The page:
A whirlpool 'Warhol' from NASA's Spitzer telescope

Image: A whirlpool 'Warhol' from NASA's spitzer telescope
This multipanel image show how different wavelengths of light can reveal different features of a cosmic object. On the left is a visible light image of the Whirlpool galaxy. The next image combines visible and infrared light, while the two on the right show different wavelengths of infrared light. Credit: NASA

Unlike Andy Warhol's famous silkscreen grids of repeating images rendered in different colors, the varying hues of this galaxy represent how its appearance changes in different wavelengths of light—from visible light to the infrared light seen by NASA's Spitzer Space Telescope.

The Whirlpool galaxy, also known as Messier 51 and NGC 5194/5195, is actually a pair of galaxies that are tugging and distorting each other through their mutual gravitational attraction. Located approximately 23 million -years away, it resides in the constellation Canes Venatici.

The leftmost panel (a) shows the Whirlpool in visible light, much as our eye might see it through a powerful telescope. In fact, this image comes from the Kitt Peak National Observatory 2.1-meter (6.8-foot) telescope. The spiraling arms are laced with dark threads of that radiate little visible light and obscure stars positioned within or behind them.

The second panel from the left (b) includes two visible-light wavelengths (in blue and green) from Kitt Peak but adds Spitzer's infrared data in red. This emphasizes how the dark dust veins that block our view in visible light begin to light up at these longer, .

Spitzer's full infrared view can be seen in the right two panels, which cover slightly different ranges of .

In the middle-right panel (c), we see three wavelengths of infrared light: 3.6 microns (shown in blue), 4.5 microns (green) and 8 microns (red). The blended light from the billions of stars in the Whirlpool is brightest at the shorter infrared wavelengths and is seen here as a . The individual blue dots across the image are mostly nearby stars and a few distant galaxies. Red features show us dust composed mostly of carbon that is lit up by the stars in the galaxy.

This glowing dust helps astronomers see where the densest areas of gas pile up in the spaces between the stars. Dense gas clouds are difficult to see in visible or infrared light, but they will always be present where there is dust.

The far-right panel (d) expands our infrared view to include light at a of 24 microns (in red), which is particularly good for highlighting areas where the dust is especially hot. The bright reddish-white spots trace regions where new stars are forming and, in the process, heating their surroundings.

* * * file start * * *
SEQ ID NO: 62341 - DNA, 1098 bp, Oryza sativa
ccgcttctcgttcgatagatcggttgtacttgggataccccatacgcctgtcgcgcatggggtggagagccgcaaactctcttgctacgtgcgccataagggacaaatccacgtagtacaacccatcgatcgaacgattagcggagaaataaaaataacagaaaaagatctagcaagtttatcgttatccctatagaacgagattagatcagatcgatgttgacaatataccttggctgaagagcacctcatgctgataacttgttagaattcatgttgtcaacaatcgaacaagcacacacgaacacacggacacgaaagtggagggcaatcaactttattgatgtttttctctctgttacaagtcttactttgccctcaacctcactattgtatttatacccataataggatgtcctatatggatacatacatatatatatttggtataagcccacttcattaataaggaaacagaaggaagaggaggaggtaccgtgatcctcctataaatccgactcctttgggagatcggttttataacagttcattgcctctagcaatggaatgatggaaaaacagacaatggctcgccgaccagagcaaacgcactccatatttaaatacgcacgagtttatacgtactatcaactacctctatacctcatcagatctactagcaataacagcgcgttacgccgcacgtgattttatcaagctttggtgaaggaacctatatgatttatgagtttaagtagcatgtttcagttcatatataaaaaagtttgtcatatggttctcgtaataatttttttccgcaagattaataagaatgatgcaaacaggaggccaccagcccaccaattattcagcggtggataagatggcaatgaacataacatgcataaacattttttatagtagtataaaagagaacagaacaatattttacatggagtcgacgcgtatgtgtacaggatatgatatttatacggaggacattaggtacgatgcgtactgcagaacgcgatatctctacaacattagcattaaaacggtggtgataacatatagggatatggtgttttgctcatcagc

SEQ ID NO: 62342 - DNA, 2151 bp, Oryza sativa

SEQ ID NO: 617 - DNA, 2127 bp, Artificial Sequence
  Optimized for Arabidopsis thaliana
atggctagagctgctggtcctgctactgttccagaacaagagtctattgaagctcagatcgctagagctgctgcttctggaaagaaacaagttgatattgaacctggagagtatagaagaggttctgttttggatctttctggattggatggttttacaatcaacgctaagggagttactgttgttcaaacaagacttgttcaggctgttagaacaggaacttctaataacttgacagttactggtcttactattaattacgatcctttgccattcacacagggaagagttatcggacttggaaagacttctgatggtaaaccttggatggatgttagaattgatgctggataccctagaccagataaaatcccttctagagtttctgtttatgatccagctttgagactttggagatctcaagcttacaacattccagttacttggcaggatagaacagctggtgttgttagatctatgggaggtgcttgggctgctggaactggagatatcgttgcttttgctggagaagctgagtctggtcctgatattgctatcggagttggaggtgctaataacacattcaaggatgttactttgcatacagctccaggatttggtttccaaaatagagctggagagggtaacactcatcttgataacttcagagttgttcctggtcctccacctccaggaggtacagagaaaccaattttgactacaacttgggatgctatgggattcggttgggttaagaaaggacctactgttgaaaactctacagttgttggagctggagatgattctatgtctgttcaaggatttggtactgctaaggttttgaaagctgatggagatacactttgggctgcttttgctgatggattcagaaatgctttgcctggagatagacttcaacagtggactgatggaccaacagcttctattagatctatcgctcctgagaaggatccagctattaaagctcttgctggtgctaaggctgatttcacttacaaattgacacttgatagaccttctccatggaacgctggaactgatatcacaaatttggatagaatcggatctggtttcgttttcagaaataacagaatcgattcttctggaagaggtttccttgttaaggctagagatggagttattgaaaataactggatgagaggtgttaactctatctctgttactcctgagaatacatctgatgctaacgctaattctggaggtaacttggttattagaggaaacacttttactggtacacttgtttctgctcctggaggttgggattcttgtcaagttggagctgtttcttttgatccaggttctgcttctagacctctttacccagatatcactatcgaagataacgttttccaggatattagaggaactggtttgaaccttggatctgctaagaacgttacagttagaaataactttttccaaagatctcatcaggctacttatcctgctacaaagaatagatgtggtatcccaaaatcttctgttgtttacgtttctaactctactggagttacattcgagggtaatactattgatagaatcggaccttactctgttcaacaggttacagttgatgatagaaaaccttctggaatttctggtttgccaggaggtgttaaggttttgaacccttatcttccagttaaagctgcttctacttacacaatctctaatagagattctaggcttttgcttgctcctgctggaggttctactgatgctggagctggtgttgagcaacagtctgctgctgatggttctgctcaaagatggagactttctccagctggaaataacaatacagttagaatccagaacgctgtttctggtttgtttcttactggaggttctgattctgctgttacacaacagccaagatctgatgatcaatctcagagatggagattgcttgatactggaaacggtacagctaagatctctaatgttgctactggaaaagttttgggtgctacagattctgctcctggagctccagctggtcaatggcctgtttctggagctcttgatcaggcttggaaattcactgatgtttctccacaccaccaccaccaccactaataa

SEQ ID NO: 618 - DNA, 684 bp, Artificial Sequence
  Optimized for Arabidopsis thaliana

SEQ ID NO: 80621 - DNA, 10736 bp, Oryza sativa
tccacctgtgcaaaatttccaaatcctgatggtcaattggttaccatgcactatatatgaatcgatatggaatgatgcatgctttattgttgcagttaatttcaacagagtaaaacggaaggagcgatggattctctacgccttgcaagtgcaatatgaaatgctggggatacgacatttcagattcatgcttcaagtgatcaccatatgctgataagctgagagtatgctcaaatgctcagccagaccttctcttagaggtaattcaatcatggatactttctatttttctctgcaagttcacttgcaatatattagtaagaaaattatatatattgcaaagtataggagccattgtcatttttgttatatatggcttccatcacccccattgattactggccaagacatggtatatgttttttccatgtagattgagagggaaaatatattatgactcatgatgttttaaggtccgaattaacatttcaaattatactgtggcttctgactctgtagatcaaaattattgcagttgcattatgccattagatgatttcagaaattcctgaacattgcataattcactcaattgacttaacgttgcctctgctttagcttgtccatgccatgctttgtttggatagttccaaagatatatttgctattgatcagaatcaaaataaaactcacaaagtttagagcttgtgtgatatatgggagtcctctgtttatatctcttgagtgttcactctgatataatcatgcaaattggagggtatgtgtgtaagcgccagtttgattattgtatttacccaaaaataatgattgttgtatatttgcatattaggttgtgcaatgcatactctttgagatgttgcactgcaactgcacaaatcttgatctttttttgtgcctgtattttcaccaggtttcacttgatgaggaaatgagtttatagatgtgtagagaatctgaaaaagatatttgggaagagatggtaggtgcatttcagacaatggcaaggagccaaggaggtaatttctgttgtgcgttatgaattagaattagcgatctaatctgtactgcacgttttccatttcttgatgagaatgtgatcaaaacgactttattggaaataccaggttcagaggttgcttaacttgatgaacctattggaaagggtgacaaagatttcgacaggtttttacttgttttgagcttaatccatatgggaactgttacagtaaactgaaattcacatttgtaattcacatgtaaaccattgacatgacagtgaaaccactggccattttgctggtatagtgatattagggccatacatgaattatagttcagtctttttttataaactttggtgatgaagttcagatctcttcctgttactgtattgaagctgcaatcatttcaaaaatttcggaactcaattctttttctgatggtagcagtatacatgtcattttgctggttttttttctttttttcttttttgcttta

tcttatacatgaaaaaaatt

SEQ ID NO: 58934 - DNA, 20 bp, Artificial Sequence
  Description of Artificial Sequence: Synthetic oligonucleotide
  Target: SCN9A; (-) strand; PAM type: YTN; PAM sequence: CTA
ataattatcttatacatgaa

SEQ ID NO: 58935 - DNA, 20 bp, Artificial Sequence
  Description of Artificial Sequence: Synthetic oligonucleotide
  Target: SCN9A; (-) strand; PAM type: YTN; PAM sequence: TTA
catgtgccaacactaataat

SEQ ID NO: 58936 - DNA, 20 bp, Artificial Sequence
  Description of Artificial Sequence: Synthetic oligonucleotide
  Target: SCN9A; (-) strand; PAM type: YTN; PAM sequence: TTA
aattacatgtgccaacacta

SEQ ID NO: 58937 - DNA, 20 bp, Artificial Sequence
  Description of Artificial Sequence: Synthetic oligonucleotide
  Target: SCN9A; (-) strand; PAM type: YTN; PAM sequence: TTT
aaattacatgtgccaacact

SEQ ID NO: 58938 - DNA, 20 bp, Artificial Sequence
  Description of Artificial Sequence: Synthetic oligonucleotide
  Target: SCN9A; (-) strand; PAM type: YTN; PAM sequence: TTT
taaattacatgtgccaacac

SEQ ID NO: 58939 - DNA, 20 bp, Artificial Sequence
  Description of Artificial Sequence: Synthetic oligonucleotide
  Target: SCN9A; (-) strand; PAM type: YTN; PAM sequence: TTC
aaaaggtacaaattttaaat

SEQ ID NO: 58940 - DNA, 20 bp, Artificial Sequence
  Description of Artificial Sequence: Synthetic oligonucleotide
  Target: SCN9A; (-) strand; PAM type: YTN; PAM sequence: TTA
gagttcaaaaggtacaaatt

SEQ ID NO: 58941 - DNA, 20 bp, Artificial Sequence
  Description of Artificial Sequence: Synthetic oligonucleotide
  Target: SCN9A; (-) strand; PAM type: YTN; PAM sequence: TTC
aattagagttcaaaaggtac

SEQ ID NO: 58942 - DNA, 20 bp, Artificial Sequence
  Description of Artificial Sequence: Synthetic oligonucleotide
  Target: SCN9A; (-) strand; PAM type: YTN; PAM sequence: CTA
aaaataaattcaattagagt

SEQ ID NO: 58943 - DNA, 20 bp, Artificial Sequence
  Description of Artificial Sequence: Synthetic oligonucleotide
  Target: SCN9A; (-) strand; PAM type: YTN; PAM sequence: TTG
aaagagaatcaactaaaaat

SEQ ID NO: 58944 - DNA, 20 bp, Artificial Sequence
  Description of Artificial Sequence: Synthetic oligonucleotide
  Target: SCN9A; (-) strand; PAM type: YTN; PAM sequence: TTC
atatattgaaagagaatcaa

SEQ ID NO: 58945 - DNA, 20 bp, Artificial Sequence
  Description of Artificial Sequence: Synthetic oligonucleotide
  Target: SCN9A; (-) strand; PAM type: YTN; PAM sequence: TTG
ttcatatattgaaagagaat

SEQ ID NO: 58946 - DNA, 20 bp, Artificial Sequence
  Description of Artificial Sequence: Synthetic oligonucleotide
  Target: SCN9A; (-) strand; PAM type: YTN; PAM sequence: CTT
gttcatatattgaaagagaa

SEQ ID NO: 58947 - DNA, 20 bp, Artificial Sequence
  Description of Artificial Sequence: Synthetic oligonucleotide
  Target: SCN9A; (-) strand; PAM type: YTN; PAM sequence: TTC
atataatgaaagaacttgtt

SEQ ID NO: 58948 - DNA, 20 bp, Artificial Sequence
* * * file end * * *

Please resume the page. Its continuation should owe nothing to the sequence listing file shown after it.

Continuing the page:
The infrared views of the Whirlpool galaxy also show how dramatically different its two component parts are: The smaller companion galaxy at the top of the image has been stripped nearly clean of dust features that stand out so brilliantly in the lower spiral galaxy. The faint bluish haze seen around the upper galaxy is likely the blended light from thrown out of the as these two objects pull at each other during their close approach.

The Kitt Peak image (a) shows light at 0.4 and 0.7 microns (blue and red). The rightmost two images (c and d) are from Spitzer with red, green and blue corresponding to wavelengths of 3.6, 4.5 and 8.0 microns (middle right) and 3.6, 8.0 and 24 microns (far right). The middle-left (b) image blends visible wavelengths (blue/green) and infrared (yellow/red). All of the data shown here were released as part of the Spitzer Infrared Nearby Galaxies Survey (SINGS) project, captured during Spitzer's cryogenic and warm missions.

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Citation: A whirlpool 'Warhol' from NASA's Spitzer telescope (2019, June 27) retrieved 18 July 2019 from https://phys.org/news/2019-06-image-whirlpool-warhol-nasa-spitzer.html
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Jun 27, 2019
There are some very complicated issues of galaxy formation. Unfortunately, here is the same problem as with the stars. The origin of galaxies remains unclear, in spite of huge activity in the field. What the "formation" means? It means that we have the material that is assembling into galaxies.

Jun 27, 2019
The process of assembling in galaxies is most likely much the same everywhere in the Cosmos. I don't see why there should be too many differences, except for the quality and quantity of basic resources of gas, dust, EM, gravity, particles, etc.

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